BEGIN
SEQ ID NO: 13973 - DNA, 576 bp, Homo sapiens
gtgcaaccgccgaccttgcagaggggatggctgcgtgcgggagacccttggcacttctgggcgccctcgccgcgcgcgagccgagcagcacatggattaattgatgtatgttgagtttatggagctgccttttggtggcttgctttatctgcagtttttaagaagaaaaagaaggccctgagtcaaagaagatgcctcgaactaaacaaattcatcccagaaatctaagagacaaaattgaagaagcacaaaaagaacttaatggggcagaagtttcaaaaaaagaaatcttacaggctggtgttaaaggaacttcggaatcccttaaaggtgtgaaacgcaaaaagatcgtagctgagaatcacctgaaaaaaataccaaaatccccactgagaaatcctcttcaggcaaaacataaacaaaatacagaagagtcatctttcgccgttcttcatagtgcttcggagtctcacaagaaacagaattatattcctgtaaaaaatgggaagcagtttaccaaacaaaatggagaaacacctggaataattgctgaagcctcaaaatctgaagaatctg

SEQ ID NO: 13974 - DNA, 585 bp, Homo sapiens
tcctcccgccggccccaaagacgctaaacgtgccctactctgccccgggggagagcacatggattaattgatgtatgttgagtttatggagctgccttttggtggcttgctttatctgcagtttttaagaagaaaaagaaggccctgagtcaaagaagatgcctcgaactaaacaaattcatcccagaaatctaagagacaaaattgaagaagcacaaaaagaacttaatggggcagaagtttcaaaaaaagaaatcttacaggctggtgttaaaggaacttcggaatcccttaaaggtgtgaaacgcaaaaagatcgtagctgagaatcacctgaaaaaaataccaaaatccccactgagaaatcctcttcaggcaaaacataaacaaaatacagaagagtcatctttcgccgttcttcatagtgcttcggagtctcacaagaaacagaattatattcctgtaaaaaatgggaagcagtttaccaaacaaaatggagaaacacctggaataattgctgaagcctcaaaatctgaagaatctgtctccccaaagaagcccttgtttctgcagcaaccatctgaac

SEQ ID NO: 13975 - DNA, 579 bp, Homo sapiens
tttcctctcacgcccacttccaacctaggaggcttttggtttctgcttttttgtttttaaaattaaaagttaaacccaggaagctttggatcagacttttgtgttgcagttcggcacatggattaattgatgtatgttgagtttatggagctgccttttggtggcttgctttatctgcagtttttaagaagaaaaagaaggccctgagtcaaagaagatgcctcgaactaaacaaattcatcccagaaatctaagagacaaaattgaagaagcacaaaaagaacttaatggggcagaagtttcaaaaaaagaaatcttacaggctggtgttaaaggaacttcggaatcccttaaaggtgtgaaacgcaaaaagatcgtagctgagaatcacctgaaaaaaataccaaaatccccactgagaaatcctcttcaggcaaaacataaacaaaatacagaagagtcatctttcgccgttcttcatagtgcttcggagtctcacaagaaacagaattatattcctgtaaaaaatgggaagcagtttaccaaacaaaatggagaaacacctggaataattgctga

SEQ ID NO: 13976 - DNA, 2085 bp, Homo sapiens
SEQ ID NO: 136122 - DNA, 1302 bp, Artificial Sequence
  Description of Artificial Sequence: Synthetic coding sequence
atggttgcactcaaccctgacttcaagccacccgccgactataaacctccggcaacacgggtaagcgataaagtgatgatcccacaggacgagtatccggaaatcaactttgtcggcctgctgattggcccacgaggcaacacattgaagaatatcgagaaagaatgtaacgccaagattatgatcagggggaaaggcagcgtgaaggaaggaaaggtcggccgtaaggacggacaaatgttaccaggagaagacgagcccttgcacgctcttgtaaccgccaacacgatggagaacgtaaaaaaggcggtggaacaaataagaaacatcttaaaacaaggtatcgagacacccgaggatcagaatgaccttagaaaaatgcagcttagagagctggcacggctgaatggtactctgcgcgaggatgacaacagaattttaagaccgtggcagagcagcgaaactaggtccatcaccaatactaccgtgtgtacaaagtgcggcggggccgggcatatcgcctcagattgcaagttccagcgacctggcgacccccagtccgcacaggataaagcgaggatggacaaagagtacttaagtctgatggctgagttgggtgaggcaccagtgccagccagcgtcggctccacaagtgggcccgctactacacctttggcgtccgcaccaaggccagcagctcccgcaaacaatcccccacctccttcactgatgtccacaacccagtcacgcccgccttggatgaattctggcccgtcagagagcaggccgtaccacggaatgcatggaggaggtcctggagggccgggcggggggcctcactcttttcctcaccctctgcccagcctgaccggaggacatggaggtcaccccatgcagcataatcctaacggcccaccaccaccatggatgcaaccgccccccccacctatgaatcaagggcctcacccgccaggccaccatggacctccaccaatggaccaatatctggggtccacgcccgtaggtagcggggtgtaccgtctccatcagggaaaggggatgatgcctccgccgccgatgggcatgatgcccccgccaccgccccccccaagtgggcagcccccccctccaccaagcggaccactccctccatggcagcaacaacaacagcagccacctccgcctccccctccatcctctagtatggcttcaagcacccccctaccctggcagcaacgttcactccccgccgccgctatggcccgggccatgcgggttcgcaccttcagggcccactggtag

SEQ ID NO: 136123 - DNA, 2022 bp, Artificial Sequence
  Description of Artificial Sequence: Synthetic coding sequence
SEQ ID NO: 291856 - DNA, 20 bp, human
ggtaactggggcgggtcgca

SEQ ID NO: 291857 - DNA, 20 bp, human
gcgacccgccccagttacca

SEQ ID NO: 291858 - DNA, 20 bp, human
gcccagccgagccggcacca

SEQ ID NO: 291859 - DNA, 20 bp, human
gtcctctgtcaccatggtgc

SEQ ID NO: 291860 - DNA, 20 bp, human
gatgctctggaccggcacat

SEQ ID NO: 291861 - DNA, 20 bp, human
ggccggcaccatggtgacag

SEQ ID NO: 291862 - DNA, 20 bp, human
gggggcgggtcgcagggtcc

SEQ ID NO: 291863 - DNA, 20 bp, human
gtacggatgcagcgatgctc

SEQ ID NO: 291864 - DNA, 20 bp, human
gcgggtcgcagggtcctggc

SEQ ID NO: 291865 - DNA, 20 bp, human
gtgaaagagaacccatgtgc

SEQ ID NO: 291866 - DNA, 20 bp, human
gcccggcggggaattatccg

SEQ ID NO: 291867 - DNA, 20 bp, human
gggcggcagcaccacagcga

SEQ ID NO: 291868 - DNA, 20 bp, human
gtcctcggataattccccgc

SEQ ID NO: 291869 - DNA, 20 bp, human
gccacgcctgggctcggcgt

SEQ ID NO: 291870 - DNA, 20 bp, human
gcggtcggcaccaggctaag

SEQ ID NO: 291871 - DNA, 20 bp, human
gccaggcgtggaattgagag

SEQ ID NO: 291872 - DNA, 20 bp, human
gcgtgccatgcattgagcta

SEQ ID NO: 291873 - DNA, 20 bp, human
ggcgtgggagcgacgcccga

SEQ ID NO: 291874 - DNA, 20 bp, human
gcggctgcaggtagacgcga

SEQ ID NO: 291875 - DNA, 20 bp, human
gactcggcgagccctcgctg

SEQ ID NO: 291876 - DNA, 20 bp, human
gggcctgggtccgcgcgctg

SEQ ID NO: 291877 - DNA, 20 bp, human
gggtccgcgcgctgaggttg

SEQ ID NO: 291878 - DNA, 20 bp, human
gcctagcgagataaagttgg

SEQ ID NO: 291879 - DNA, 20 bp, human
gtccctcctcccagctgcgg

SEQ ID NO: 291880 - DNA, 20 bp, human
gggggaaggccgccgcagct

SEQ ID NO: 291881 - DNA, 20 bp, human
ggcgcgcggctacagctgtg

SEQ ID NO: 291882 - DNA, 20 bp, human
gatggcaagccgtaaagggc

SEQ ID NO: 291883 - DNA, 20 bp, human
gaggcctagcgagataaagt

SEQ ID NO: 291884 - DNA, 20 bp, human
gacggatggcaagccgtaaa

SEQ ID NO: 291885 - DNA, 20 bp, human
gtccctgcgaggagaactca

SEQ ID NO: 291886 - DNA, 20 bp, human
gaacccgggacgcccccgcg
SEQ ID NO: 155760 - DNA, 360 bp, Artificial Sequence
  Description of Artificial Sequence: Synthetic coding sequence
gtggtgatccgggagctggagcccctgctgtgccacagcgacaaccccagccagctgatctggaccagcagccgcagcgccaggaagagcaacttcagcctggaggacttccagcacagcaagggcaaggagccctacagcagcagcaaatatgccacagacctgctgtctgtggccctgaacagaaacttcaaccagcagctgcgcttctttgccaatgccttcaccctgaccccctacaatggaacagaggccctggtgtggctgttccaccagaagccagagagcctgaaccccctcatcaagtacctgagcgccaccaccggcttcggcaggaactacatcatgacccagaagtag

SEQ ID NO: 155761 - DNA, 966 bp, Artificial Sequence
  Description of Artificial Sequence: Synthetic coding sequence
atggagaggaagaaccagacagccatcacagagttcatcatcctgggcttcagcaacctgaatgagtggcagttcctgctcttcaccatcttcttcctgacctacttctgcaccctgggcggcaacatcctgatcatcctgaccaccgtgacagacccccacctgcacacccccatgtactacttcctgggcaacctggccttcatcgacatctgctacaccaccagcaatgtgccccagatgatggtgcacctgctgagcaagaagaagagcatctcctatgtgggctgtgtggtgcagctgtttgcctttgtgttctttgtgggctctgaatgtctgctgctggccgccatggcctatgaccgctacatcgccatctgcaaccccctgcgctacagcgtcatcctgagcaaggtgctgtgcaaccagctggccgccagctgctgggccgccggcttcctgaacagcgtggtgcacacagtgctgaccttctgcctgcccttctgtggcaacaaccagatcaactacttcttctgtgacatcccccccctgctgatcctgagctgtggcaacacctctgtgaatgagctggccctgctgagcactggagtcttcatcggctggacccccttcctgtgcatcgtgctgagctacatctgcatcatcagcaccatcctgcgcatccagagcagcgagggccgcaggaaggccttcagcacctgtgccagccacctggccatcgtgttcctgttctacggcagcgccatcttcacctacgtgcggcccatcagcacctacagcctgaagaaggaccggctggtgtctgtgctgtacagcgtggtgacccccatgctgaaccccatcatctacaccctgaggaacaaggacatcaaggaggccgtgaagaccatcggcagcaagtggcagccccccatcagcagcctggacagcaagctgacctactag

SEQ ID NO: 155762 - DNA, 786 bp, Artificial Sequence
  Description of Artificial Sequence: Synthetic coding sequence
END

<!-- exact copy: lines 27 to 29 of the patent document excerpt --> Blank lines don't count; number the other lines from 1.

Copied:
SEQ ID NO: 291863 - DNA, 20 bp, human
gtacggatgcagcgatgctc

SEQ ID NO: 291864 - DNA, 20 bp, human